Viewing cable 05MUSCAT1154

05MUSCAT11542005-07-20 12:46:00 2011-08-30 01:44:00 UNCLASSIFIED Embassy Muscat
This record is a partial extract of the original cable. The full text of the original cable is not available.
E.O. 12958: N/A 
¶1.  "Our Daughters: Circumcision and Concealment" was the 
cover story in the inaugural issue of "Futoon" family 
magazine.  The hardhitting article described the four types 
of surgical procedures in detail and recounted personal 
stories of how the procedure harmed the lives of four Omani 
women.  The result: divorce, chronic urinary tract 
infections, and other repercussions.  It also featured an 
interview with a female circumciser who bemoaned the decline 
of mothers wishing to circumcise their daughters, and quoted 
a government religious scholar who declared the practice in 
conformity with Islam and therefore "unlikely to cause any 
harm to women."   End Summary. 
Press Tackles Taboo Issue of Circumcision 
¶2.  In ground-breaking public coverage of a sensitive and 
normally taboo subject, a newly launched family magazine, 
"Futoon," tackled the controversial topic of female 
circumcision as its cover story on July 18.  (Note:  "Futoon" 
is a new weekly supplement in the privately owned Arabic 
daily "al-Watan" and primarily covers family, youth, and 
women-related topics. End note.) 
¶3.  Author Badriya al-Ismai'li asserted in her article that, 
although there are no formal statistics, female circumcision 
is a common habit in the Arab world and in Africa. 
According to her, FGM is prevalent in both rural areas of 
Oman as well as parts of Muscat proper; she said that the 
practitioners believe the procedure rids females of dirt in 
their bodies and is usually performed on young girls between 
the ages of 3 months and 9 years (reftel).  Referring to the 
World Health Organization's definition, al-Ismai'li described 
circumcision as "all procedures involving partial or total 
removal of the external female genitalia or other injury to 
the female genital organs whether for cultural, religious, or 
other non-therapeutic reasons."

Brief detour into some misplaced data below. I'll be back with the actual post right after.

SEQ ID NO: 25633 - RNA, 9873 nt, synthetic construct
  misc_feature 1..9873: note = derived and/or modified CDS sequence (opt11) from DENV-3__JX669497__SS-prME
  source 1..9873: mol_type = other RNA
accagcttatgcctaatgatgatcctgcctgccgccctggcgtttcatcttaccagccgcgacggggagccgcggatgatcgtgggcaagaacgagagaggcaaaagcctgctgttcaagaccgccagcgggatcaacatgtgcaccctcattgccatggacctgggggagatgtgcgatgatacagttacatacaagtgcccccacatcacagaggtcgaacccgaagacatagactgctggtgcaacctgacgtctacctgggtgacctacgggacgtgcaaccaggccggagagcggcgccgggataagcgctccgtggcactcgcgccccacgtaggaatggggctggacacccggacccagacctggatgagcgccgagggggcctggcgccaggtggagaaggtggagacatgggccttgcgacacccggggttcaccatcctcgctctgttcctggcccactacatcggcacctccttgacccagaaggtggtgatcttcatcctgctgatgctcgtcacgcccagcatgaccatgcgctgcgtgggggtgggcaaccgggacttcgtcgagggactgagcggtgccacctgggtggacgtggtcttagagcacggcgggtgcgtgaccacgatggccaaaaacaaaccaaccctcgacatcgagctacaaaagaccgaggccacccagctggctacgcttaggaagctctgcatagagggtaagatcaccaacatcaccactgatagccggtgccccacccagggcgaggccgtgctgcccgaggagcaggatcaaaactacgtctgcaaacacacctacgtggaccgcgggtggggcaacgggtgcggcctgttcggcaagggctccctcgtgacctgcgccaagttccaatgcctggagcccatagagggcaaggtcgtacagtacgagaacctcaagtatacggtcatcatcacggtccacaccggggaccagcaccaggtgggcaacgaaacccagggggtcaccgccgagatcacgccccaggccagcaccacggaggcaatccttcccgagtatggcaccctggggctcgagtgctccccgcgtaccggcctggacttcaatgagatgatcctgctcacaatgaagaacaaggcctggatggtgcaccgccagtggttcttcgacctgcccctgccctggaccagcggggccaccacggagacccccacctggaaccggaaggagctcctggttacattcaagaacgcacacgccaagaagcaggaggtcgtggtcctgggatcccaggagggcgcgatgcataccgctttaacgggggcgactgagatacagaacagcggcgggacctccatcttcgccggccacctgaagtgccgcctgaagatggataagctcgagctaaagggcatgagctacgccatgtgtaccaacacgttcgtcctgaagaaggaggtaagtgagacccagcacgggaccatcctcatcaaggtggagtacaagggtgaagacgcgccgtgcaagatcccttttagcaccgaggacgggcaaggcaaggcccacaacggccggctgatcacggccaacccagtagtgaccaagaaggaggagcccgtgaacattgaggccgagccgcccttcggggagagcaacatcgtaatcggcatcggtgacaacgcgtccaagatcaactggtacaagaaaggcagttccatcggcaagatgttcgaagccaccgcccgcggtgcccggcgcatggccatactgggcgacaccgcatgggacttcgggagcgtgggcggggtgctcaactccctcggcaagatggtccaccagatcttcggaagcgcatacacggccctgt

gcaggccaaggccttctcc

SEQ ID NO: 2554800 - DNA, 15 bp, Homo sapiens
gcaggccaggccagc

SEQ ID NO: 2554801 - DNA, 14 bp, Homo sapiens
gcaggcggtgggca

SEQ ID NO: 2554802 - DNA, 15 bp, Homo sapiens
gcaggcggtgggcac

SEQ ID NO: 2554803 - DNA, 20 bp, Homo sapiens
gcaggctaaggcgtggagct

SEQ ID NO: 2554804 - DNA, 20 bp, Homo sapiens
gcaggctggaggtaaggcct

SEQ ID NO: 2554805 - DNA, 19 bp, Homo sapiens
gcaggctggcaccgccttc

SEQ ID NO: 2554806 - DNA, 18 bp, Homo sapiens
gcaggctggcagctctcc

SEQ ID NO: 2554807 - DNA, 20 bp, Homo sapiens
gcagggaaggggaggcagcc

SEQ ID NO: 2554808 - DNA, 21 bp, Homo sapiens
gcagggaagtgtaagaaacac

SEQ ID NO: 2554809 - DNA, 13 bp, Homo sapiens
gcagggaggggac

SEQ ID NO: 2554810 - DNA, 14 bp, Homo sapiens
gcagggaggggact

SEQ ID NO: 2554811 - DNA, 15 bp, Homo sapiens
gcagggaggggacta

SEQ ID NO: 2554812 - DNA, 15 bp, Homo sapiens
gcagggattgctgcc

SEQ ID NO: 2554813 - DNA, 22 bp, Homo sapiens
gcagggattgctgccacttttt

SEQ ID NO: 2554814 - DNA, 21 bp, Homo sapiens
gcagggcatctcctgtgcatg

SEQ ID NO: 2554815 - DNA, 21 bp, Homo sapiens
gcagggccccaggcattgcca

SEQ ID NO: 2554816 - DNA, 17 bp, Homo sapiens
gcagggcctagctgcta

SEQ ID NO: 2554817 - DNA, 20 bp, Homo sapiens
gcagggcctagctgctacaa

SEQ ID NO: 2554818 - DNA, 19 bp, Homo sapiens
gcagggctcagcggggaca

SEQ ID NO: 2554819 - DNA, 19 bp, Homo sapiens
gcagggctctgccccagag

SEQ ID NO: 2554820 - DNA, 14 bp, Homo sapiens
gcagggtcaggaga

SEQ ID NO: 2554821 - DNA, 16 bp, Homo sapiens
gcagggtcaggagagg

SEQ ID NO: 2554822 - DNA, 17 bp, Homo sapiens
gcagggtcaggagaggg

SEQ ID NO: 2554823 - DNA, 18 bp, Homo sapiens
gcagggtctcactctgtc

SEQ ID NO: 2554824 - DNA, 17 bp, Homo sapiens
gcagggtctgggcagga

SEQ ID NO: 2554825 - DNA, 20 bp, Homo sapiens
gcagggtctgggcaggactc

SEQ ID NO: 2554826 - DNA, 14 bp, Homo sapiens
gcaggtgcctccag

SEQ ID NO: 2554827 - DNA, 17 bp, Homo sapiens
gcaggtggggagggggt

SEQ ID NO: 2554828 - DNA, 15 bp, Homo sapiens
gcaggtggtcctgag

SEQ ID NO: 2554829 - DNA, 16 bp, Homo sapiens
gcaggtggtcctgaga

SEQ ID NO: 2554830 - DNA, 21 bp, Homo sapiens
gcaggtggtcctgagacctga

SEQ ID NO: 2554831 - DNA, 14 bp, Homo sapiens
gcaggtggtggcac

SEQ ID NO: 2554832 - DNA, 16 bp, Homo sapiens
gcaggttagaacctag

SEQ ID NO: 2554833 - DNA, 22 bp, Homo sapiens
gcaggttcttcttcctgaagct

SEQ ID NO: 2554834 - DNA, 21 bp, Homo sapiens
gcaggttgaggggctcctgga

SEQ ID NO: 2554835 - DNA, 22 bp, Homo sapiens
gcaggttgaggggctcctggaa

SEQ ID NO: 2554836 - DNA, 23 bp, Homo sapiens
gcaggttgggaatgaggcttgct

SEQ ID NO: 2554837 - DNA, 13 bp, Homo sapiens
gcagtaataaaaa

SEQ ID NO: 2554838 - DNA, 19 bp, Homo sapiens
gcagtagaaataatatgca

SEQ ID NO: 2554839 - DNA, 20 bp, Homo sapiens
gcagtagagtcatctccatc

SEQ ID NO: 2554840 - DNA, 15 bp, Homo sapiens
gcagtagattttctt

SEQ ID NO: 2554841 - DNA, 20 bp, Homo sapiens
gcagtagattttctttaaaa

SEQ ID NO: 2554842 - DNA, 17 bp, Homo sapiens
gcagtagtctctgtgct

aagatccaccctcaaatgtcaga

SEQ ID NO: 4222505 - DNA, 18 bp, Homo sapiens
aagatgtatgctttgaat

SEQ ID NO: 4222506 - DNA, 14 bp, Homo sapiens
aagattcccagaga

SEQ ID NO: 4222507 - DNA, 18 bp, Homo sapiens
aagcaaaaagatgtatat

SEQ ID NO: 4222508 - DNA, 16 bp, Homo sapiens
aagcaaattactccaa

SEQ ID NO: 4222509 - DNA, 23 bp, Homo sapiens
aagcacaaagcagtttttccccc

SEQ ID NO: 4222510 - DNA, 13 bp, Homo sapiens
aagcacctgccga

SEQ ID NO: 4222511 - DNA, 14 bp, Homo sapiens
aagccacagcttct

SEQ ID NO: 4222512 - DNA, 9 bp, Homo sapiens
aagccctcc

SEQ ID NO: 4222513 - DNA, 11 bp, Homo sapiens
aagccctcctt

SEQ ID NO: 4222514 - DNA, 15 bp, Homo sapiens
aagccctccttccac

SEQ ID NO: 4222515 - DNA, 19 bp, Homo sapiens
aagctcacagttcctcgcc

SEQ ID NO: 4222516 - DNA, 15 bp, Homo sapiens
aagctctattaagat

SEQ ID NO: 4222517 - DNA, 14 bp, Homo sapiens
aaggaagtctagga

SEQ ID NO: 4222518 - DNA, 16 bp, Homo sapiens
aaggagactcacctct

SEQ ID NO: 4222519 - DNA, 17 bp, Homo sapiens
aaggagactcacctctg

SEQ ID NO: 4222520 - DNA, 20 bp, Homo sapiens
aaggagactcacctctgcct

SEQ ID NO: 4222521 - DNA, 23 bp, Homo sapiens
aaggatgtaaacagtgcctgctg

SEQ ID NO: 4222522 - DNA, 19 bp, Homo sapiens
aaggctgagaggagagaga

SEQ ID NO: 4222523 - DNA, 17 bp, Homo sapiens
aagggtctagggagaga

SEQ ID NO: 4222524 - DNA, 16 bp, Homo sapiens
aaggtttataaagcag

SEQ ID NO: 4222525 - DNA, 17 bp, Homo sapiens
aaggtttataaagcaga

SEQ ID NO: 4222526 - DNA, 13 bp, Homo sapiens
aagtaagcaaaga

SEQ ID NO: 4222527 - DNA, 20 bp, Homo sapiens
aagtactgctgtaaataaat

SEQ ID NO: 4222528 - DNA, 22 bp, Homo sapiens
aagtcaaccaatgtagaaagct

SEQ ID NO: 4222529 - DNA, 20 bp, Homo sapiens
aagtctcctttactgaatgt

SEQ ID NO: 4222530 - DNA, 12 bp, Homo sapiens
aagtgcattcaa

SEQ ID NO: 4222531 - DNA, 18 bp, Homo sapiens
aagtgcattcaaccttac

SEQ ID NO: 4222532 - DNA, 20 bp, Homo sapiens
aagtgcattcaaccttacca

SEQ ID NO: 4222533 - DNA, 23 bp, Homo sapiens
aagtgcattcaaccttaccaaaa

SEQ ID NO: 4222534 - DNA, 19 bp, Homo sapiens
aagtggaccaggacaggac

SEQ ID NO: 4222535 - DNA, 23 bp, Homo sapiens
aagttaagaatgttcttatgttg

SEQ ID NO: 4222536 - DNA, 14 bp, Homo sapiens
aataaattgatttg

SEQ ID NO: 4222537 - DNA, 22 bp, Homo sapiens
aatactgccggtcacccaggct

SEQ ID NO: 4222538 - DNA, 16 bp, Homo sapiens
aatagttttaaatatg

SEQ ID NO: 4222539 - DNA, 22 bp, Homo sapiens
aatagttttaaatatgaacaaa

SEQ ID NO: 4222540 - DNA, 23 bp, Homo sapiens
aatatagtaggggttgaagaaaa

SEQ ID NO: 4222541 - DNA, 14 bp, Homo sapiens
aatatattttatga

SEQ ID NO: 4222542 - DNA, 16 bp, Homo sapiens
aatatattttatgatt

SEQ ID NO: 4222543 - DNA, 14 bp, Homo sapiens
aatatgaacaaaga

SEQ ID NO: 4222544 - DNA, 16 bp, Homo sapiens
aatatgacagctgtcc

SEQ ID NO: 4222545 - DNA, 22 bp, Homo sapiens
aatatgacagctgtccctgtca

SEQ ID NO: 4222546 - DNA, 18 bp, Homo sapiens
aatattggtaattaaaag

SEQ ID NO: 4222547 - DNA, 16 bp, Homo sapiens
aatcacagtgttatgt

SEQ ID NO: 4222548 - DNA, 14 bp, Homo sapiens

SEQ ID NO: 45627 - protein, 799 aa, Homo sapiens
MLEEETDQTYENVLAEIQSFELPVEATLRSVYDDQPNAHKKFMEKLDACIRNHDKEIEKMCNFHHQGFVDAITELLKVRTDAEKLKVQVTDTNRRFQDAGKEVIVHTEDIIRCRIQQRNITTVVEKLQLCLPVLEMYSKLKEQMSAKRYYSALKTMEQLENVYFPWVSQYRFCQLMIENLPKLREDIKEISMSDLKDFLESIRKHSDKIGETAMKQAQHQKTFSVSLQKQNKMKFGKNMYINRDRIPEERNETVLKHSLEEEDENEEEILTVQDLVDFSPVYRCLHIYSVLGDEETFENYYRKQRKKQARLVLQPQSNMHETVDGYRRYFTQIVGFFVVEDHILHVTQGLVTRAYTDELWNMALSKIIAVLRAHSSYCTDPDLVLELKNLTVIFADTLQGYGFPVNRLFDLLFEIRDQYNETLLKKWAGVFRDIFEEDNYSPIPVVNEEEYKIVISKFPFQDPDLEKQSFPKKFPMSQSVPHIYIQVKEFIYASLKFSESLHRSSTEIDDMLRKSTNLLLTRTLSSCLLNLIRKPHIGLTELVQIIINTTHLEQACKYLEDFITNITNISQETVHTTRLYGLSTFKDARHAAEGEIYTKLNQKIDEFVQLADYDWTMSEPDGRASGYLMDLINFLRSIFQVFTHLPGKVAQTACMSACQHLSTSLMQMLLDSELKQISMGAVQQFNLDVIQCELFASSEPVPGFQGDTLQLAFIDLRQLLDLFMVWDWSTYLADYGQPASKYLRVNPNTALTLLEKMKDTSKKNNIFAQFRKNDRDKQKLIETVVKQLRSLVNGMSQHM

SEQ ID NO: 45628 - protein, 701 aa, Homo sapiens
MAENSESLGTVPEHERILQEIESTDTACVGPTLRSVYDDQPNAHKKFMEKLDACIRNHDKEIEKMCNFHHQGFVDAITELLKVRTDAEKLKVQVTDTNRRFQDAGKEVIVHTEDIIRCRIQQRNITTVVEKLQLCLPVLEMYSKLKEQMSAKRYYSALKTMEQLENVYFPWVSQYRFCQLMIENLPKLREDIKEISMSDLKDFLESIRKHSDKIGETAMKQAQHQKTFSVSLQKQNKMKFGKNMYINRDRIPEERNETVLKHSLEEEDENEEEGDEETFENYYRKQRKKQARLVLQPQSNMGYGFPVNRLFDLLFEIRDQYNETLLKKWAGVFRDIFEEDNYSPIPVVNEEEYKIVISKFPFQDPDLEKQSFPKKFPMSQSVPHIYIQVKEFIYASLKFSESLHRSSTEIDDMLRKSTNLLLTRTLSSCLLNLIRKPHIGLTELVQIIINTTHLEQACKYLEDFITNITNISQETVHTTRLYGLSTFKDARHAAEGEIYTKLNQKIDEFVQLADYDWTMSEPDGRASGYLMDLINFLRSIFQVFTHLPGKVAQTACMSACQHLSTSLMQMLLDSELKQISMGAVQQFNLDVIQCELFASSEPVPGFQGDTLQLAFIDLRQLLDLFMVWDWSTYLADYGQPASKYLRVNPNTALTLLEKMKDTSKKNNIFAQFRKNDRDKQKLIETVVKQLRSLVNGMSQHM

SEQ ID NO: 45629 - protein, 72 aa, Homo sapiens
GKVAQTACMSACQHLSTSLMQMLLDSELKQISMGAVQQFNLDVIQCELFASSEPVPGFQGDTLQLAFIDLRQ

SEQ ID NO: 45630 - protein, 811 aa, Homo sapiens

Circumcised Women Share Their Stories 
¶4.  In a brief but frank discussion, al-Ismai'li recounted 
the stories of four young women who experienced firsthand the 
impact and life-long trauma of female circumcision.  She also 
described an interview with a Khatanah (female circumciser), 
a lady in her seventies who said that she feels sad that so 
many women are turning away from having their daughters 
circumcised, even though, "It's a must for Muslim women." 
The Khatanah briefly described the procedure, saying that she 
uses a razor to remove a tiny bit of foreskin covering the 
clitoris and charges a price of $12-$26 for the operation. 
She prefers to perform the operation when girls are 1 year 
old and claims she's never witnessed a "bleeding."  The 
Khatanah argues, however, that in other areas, pharaonic 
circumcision done by inexperienced Khatanahs could be the 
cause of "improper circumcision." 
Four Types of Circumcision 
¶5.  The author interviewed Dr. Shirin Raof MD., a 
gynecologist at Ibra Hospital, for the medical perspective. 
According to Dr. Shirin, circumcision is an old habit and an 
abuse practiced by non-professional women.  Dr. Shirin 
described in detail the four types of circumcision she has 
encountered:  removal of the foreskin and part of the 
clitoris; removal of the clitoris and a part or all of the 
labia; removal of all genital organs and narrowing the vagina 
through stitching; and destroying the clitoris and the labia 
by burning the areas near them.  According to Dr. Shirin, 60 
percent of the women she has helped give birth were 
circumcised (removal of the clitoris and part of the labia). 
She has also witnessed cases where 3 and 4-year-old girls 
have come to the hospital bleeding profusely because of the 
operation.  Dr. Shirin highlighted the lifetime problems that 
tend to plague women who have been circumcised, including 
chronic urinary infections. 
Religious Scholar Comments 
¶6.  The author made a brief attempt to address the prevalent 
notion that female circumcision is mandated by Islam. 
Al-Ismai'li interviewed a scientific advisor, Shaykh Said bin 
Mabrook al-Qanobi, at the Ministry of Awqaf and Religious 
Affairs.  According to al-Qanobi, both male and female 
circumcision are mentioned in the hadiths (the Prophet's 
sayings) and that, therefore, circumcision should not cause 
any harm to women.  Al-Qanobi added, however, that only a 
tiny part of the foreskin should be removed. 
¶7.  Although the Ministry of Health (reftel) is attempting to 
address the phenomenon of female circumcision in Oman, the 
local media rarely addresses this sensitive and controversial 
topic.  While there are no firm statistics, according to a 
survey conducted by the United Nations Children's Fund 
(UNICEF) and the World Health Organization in conjunction 
with the Ministry of Health (MOH), almost 80 percent of young 
Omani males and females believe that female circumcision is 
"necessary and important."   According to a contact at the 
MOH, the government agreed to include female circumcision in 
its national health planning as a problem needing to be 
addressed.  The increasing openness in discussing the topic 
may facilitate efforts to do so.